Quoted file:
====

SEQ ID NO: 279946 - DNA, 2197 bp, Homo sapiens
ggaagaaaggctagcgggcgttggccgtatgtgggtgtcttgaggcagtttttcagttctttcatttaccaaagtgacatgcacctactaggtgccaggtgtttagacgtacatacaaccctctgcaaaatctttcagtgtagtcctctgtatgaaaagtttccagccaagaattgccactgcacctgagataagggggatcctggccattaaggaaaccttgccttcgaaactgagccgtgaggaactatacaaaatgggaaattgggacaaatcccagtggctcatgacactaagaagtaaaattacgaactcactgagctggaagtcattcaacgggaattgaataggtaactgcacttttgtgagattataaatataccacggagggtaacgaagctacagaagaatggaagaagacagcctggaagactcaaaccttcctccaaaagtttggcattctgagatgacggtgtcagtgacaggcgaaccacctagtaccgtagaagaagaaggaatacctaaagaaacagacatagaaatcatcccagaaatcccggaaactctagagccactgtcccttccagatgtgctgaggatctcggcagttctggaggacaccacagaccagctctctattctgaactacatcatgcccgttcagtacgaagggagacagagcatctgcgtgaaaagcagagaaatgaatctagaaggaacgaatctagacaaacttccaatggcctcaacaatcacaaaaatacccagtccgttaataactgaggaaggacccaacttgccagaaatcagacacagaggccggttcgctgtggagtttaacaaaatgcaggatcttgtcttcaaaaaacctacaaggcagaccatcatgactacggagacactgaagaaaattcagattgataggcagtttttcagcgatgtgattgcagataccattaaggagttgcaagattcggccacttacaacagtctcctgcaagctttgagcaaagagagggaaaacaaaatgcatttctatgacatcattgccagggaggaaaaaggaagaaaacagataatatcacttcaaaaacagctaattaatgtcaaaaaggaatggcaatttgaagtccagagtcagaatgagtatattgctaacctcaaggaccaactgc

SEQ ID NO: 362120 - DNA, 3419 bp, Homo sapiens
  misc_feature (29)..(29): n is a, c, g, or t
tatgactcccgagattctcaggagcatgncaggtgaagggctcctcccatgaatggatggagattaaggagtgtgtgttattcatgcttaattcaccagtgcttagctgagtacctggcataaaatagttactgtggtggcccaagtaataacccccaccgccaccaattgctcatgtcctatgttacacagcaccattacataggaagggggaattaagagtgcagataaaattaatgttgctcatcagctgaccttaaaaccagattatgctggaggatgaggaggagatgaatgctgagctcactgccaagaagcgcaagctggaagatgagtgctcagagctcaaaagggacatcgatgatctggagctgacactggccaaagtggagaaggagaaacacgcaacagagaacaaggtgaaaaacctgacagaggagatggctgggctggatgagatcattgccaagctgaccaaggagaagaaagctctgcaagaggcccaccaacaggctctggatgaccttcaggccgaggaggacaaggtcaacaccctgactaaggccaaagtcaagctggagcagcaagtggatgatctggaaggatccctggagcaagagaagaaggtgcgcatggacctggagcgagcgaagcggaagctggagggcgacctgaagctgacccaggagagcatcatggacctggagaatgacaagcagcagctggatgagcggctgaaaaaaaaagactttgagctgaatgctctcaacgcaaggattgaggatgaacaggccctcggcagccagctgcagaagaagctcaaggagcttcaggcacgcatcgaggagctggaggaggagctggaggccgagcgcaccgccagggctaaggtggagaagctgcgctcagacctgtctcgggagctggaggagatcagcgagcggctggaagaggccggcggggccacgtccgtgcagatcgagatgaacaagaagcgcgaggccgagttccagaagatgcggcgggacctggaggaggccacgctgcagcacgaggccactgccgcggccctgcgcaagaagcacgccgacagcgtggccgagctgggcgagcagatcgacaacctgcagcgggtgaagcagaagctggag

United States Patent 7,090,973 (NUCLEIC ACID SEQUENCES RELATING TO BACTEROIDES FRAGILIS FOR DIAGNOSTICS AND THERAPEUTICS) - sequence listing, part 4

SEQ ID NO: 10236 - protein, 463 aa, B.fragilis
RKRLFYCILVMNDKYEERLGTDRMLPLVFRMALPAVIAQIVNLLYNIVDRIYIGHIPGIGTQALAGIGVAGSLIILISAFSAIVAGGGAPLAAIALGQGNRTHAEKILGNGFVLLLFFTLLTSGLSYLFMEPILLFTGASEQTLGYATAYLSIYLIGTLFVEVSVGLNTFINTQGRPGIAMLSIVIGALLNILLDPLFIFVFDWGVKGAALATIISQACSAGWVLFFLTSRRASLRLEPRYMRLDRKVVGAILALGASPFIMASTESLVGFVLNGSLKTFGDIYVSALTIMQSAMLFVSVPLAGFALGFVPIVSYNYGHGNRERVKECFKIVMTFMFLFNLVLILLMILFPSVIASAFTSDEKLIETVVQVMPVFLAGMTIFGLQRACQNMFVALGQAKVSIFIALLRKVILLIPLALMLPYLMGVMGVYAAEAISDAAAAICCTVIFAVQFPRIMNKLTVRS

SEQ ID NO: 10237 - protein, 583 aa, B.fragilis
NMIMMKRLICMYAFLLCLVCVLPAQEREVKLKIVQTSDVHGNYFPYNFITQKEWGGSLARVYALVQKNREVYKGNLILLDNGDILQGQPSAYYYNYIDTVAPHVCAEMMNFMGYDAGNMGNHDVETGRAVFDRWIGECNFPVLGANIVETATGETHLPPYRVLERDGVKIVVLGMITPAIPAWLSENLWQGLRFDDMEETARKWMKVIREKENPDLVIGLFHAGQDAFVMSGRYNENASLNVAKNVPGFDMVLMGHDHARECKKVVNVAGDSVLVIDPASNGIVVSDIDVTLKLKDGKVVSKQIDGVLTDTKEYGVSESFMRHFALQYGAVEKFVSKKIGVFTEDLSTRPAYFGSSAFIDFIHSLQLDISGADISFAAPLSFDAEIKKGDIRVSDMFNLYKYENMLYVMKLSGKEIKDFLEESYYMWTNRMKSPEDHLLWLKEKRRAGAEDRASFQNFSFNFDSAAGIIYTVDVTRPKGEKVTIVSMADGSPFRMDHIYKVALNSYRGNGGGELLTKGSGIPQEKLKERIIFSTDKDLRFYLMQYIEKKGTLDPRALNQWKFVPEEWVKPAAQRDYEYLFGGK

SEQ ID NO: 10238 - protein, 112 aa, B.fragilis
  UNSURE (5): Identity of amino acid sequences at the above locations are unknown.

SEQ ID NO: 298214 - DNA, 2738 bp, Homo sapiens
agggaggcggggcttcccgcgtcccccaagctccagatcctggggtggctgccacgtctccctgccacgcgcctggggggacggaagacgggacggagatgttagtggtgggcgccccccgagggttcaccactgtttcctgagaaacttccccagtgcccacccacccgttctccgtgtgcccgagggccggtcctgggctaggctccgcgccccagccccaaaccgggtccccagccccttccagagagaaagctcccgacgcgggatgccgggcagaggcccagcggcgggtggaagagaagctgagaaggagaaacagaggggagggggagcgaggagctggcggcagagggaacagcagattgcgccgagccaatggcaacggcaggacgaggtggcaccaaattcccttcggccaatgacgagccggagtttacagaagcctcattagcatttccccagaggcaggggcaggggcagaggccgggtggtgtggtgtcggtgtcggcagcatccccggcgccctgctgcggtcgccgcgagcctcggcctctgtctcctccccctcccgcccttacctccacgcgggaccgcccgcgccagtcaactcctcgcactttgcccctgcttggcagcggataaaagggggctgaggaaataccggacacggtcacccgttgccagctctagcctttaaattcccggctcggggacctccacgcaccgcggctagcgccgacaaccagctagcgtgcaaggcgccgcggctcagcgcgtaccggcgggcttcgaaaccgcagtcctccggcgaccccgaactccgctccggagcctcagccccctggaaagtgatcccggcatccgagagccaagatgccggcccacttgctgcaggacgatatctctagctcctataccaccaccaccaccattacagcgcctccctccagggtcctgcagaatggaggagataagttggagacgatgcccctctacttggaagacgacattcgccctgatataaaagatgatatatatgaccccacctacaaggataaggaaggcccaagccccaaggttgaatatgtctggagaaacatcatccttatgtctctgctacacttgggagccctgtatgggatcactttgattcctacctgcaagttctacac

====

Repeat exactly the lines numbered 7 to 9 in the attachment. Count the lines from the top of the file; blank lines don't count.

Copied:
SEQ ID NO: 10236 - protein, 463 aa, B.fragilis
RKRLFYCILVMNDKYEERLGTDRMLPLVFRMALPAVIAQIVNLLYNIVDRIYIGHIPGIGTQALAGIGVAGSLIILISAFSAIVAGGGAPLAAIALGQGNRTHAEKILGNGFVLLLFFTLLTSGLSYLFMEPILLFTGASEQTLGYATAYLSIYLIGTLFVEVSVGLNTFINTQGRPGIAMLSIVIGALLNILLDPLFIFVFDWGVKGAALATIISQACSAGWVLFFLTSRRASLRLEPRYMRLDRKVVGAILALGASPFIMASTESLVGFVLNGSLKTFGDIYVSALTIMQSAMLFVSVPLAGFALGFVPIVSYNYGHGNRERVKECFKIVMTFMFLFNLVLILLMILFPSVIASAFTSDEKLIETVVQVMPVFLAGMTIFGLQRACQNMFVALGQAKVSIFIALLRKVILLIPLALMLPYLMGVMGVYAAEAISDAAAAICCTVIFAVQFPRIMNKLTVRS

SEQ ID NO: 10237 - protein, 583 aa, B.fragilis